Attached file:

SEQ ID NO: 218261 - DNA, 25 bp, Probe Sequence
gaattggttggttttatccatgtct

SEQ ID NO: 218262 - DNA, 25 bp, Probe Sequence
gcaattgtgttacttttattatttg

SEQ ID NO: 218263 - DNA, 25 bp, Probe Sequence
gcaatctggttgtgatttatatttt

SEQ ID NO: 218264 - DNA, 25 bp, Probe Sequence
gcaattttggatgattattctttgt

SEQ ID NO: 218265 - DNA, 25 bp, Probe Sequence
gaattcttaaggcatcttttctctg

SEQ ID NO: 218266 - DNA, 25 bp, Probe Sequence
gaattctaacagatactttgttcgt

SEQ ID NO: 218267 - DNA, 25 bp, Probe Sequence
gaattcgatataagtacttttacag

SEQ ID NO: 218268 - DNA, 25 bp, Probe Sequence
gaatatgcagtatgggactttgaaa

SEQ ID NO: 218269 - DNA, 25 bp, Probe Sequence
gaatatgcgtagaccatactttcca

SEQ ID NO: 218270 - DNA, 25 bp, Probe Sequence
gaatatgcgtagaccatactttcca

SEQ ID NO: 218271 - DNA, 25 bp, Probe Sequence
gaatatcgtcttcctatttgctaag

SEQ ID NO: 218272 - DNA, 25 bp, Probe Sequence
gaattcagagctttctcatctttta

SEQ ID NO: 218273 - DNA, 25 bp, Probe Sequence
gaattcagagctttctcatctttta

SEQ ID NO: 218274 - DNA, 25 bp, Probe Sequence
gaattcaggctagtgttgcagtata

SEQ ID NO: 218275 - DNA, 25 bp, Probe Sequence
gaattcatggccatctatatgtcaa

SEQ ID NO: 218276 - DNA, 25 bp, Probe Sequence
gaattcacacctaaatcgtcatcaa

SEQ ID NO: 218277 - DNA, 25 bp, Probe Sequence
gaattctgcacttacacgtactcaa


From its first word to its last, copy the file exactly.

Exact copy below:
SEQ ID NO: 218261 - DNA, 25 bp, Probe Sequence
gaattggttggttttatccatgtct

SEQ ID NO: 218262 - DNA, 25 bp, Probe Sequence
gcaattgtgttacttttattatttg

SEQ ID NO: 218263 - DNA, 25 bp, Probe Sequence
gcaatctggttgtgatttatatttt

SEQ ID NO: 218264 - DNA, 25 bp, Probe Sequence
gcaattttggatgattattctttgt

SEQ ID NO: 218265 - DNA, 25 bp, Probe Sequence
gaattcttaaggcatcttttctctg

SEQ ID NO: 218266 - DNA, 25 bp, Probe Sequence
gaattctaacagatactttgttcgt

SEQ ID NO: 218267 - DNA, 25 bp, Probe Sequence
gaattcgatataagtacttttacag

SEQ ID NO: 218268 - DNA, 25 bp, Probe Sequence
gaatatgcagtatgggactttgaaa

SEQ ID NO: 218269 - DNA, 25 bp, Probe Sequence
gaatatgcgtagaccatactttcca

SEQ ID NO: 218270 - DNA, 25 bp, Probe Sequence
gaatatgcgtagaccatactttcca

SEQ ID NO: 218271 - DNA, 25 bp, Probe Sequence
gaatatcgtcttcctatttgctaag

SEQ ID NO: 218272 - DNA, 25 bp, Probe Sequence
gaattcagagctttctcatctttta

SEQ ID NO: 218273 - DNA, 25 bp, Probe Sequence
gaattcagagctttctcatctttta

SEQ ID NO: 218274 - DNA, 25 bp, Probe Sequence
gaattcaggctagtgttgcagtata

SEQ ID NO: 218275 - DNA, 25 bp, Probe Sequence
gaattcatggccatctatatgtcaa

SEQ ID NO: 218276 - DNA, 25 bp, Probe Sequence
gaattcacacctaaatcgtcatcaa

SEQ ID NO: 218277 - DNA, 25 bp, Probe Sequence
gaattctgcacttacacgtactcaa